Meet Fink. He’s the size of a horse, has a tail, six legs and is Hero’s best, if not only, friend.
Weighing in at six-hundred and twenty-two kilos with twenty-six claws and a mouth full of pointy teeth, most people find Fink intimidating, but underneath all that fur beats the heart of a teddy bear.
You might think he’s a push-over, but don’t let his weakness for spiced chocolate cake, tummy rubs and lazy days in the sun fool you. Fink’s a rat-pard – a genetically engineered mix of rat, leopard and ecio, one of Jørn’s most fearsome predators – and he doesn’t take threats lightly.
I just had to read this book; when I saw it on Kobo.com the want drove me crazy. It drove me so crazy that when I discovered my local library didn’t have a copy but one of its sister libraries did, I drove half an hour to pick it up. Like I said, crazy.
Some sort of cross between The Incredibles and X-men, Goldrush is a classic superhero story where a reluctant hero (Sam) must embrace his special powers in order to save the world. I liked Sam’s reasons for not wanting to use his powers/be a superhero, although, until they were explained in full, those reasons were a little wishy washy. I particularly liked how Lochran made these reasons feel real (when he did explain them fully) by putting names and faces to the people who were injured when Sam first used his power.
I first devoured the Song of the Lioness series when I was ten; to say that it was my favourite set of books ever is to understate the case. Alanna, the series protagonist, was my childhood hero, and not just because she had a magic sword and a talking cat. Alanna was my hero because she was doing something forbidden and getting away with it.
It wasn’t an especially bad thing that she was doing, like selling drugs or stealing, she was just doing what the boys did – playing with swords, riding horses, going to war – and if that meant she had to lie about her gender, well, that only added to the tension.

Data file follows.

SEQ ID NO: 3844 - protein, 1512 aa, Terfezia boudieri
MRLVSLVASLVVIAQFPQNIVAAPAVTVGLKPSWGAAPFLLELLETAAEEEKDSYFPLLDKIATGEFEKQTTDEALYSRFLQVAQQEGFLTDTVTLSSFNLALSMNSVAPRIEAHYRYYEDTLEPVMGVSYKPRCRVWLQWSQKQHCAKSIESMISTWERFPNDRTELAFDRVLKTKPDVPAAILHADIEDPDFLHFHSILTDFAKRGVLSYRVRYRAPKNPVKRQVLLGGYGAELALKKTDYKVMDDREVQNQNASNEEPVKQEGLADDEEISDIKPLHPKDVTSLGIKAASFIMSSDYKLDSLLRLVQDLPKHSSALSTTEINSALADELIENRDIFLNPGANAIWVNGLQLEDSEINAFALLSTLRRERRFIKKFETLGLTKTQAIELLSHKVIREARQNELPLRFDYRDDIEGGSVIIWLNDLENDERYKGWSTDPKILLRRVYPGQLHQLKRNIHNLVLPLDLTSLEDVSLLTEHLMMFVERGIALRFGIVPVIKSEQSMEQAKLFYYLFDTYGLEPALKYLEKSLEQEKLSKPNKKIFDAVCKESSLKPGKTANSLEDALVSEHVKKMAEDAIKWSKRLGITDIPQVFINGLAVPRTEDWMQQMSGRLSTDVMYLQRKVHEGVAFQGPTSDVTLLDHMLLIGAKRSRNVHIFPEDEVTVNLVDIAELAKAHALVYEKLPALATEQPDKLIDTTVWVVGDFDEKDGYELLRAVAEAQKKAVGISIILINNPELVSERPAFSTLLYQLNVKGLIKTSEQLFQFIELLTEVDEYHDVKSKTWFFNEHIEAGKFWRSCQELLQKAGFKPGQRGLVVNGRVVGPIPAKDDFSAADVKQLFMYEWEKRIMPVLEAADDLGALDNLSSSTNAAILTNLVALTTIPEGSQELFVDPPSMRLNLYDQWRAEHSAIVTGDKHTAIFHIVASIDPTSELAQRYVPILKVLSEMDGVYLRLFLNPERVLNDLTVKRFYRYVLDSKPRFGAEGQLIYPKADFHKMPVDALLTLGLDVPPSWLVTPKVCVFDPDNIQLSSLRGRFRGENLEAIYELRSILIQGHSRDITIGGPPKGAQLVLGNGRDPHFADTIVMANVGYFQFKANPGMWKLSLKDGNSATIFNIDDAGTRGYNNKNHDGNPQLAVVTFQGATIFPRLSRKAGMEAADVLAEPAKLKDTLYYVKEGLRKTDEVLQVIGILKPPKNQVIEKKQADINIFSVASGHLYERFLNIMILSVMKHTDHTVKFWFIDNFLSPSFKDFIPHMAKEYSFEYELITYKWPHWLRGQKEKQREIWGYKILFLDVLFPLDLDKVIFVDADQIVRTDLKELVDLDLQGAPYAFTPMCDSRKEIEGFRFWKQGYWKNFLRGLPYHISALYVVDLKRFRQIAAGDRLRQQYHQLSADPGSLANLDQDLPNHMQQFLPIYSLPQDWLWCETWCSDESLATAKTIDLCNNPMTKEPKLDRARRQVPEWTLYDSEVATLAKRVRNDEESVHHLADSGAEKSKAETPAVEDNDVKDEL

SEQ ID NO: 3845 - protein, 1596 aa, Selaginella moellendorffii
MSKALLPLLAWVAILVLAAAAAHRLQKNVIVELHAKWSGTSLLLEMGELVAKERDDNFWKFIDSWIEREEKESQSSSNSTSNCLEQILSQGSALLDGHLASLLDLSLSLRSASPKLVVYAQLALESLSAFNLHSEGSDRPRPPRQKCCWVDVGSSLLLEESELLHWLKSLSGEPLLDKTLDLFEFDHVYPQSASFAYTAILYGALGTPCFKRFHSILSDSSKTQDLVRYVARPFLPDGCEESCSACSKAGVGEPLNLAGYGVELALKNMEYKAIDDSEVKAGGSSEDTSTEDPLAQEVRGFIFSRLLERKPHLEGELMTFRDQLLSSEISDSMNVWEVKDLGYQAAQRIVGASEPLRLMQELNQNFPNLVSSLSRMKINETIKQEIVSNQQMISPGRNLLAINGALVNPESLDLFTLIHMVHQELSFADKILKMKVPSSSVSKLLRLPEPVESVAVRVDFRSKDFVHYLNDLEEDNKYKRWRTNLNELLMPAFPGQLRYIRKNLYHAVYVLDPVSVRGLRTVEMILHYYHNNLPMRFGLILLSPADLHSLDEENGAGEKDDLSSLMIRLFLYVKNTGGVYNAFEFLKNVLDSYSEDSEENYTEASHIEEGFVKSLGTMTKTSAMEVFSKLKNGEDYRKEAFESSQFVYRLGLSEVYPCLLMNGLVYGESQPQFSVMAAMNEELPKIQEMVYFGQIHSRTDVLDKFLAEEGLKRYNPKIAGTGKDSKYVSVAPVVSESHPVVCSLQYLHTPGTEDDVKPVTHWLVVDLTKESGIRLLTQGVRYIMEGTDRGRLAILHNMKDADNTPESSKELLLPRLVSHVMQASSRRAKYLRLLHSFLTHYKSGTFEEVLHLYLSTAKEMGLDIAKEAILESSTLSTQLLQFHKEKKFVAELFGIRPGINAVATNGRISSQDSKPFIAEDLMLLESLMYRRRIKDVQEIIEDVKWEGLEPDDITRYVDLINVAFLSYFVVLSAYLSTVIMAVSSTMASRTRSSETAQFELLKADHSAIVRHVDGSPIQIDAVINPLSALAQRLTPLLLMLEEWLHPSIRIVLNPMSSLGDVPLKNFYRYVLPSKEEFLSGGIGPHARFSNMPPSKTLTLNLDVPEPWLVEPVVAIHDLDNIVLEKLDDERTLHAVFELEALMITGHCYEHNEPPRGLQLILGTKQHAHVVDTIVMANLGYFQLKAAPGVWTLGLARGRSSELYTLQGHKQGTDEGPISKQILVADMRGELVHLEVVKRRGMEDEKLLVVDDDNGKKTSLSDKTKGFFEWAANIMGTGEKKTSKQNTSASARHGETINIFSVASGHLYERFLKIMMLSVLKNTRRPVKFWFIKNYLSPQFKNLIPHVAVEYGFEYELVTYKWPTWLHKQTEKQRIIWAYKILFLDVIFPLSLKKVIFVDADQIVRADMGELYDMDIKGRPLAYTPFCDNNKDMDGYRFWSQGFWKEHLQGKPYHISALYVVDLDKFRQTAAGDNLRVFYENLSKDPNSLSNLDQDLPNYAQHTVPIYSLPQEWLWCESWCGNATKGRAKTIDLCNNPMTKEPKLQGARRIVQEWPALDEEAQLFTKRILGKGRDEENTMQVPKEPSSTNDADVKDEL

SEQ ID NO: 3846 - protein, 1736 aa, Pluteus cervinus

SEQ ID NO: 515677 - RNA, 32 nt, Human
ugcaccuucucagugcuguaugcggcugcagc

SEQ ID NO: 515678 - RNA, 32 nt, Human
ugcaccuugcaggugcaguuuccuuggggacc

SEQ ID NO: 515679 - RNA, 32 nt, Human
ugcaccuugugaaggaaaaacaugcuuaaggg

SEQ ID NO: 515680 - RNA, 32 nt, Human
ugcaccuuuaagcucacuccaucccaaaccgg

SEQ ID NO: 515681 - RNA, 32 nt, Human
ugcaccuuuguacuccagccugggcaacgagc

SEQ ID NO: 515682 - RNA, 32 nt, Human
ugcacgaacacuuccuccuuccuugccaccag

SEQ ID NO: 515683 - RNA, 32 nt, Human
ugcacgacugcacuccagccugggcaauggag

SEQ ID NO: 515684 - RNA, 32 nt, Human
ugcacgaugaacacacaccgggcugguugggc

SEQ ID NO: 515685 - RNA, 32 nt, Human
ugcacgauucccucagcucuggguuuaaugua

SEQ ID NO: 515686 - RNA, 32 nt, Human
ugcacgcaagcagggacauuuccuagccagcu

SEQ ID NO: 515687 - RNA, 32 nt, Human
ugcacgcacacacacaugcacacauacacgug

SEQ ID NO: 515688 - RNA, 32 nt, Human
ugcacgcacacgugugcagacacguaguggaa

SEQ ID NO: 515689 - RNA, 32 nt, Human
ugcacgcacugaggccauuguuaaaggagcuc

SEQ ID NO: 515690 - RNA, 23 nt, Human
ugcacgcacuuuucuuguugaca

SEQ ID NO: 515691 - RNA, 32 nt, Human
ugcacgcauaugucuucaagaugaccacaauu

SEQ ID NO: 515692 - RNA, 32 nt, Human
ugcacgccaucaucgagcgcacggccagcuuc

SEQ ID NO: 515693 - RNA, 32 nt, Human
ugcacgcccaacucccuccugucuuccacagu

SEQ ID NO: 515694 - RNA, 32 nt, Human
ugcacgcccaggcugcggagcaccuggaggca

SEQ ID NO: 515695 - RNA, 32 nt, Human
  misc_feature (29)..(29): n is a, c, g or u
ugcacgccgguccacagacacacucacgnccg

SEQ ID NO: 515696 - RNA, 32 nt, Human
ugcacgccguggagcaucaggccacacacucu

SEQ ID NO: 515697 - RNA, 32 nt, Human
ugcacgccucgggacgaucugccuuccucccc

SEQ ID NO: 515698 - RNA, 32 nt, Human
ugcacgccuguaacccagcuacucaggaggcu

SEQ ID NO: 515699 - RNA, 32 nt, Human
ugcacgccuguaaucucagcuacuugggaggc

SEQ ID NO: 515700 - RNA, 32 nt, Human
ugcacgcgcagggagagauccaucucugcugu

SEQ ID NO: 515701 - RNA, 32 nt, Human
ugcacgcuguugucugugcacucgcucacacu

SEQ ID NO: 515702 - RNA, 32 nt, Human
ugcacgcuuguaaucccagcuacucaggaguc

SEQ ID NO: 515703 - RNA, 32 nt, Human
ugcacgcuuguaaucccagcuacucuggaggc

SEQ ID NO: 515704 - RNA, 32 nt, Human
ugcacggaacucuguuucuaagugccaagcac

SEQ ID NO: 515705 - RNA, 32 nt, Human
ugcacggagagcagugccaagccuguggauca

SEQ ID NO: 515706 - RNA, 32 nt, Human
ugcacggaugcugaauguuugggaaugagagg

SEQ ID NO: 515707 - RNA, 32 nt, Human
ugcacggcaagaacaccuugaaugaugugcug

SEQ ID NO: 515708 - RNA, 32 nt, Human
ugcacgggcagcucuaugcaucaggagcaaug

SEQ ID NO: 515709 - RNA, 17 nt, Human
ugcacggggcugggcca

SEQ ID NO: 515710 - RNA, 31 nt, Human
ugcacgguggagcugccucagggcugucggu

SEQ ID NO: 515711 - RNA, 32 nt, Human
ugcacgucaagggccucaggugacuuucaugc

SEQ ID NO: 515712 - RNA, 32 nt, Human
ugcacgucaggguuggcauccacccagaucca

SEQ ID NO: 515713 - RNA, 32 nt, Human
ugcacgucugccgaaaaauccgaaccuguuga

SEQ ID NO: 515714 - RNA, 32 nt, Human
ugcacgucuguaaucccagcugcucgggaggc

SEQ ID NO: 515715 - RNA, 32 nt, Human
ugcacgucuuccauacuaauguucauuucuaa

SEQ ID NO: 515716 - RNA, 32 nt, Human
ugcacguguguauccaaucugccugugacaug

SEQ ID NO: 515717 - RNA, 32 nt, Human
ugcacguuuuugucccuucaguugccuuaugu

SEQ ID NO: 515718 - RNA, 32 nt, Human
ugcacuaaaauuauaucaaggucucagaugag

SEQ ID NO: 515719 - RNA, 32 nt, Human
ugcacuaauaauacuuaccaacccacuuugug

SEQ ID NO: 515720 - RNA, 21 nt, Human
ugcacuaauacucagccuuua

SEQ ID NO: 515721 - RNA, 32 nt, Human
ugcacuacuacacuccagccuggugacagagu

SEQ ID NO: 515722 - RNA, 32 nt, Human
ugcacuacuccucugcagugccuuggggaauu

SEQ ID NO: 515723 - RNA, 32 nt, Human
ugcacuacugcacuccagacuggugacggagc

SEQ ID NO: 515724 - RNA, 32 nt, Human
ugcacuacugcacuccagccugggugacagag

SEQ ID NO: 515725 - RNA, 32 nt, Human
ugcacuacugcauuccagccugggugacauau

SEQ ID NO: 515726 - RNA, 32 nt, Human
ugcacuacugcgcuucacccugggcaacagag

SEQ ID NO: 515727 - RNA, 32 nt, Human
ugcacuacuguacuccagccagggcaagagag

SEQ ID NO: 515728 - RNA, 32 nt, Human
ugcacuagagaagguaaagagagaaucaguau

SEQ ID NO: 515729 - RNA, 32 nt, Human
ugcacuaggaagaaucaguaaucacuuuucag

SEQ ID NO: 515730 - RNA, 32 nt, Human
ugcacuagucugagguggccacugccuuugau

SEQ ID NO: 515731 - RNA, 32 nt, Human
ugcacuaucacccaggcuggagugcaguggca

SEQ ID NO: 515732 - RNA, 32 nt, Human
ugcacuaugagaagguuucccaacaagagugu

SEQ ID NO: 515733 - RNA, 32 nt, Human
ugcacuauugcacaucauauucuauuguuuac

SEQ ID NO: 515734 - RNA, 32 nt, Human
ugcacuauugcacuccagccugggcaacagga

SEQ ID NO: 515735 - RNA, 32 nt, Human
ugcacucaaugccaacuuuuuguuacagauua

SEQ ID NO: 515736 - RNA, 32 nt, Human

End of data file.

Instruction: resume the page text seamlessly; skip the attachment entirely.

Meet Hero, the star of Hero-Fink, a novel set in the far distant future, on a far distant world.
Hero Regan is special, and not in a way she likes. She hears voices, the kind of voices that other people can’t hear. Ever since she can remember, she’s been forced to take meds and prodded by shrinks and doctors, all of whom say the same thing. She’s sick, crazy even; but they’re lying.
Her parents have her completely isolated from the outside world, wrapped in a cocoon of butlers, bodyguards and tutors. Her only solace is Fink, a six-hundred-kilogram, genetically engineered rat-pard. Together they create havoc, sharing lives, thoughts, triple-chocolate marshmallow ice-cream and the same burning desire for freedom.
Pledged, a paranormal-romance for young adults, makes a good first impression. The cover is well designed, the book trailer impressive and the blurb intriguing, however the story, while good, wasn’t great.
Immediately engaging, with excellent descriptions of place, I felt that the story moved too quickly and that too much happened. Seth and Erin, the protagonists, seemed to spend all of their time jumping from one event to another with little or no time for the reader to take a breath and really get to know them. Perhaps, if the plot hadn’t had so many twists and turns, and so many characters, White could have spent more time involving us in Erin and Seth’s plight. As it is, White has us following three romances (one of which is love/lust triangle, making it doubly complicated) and two father–son relationships, which is too much for a single book. Continue reading →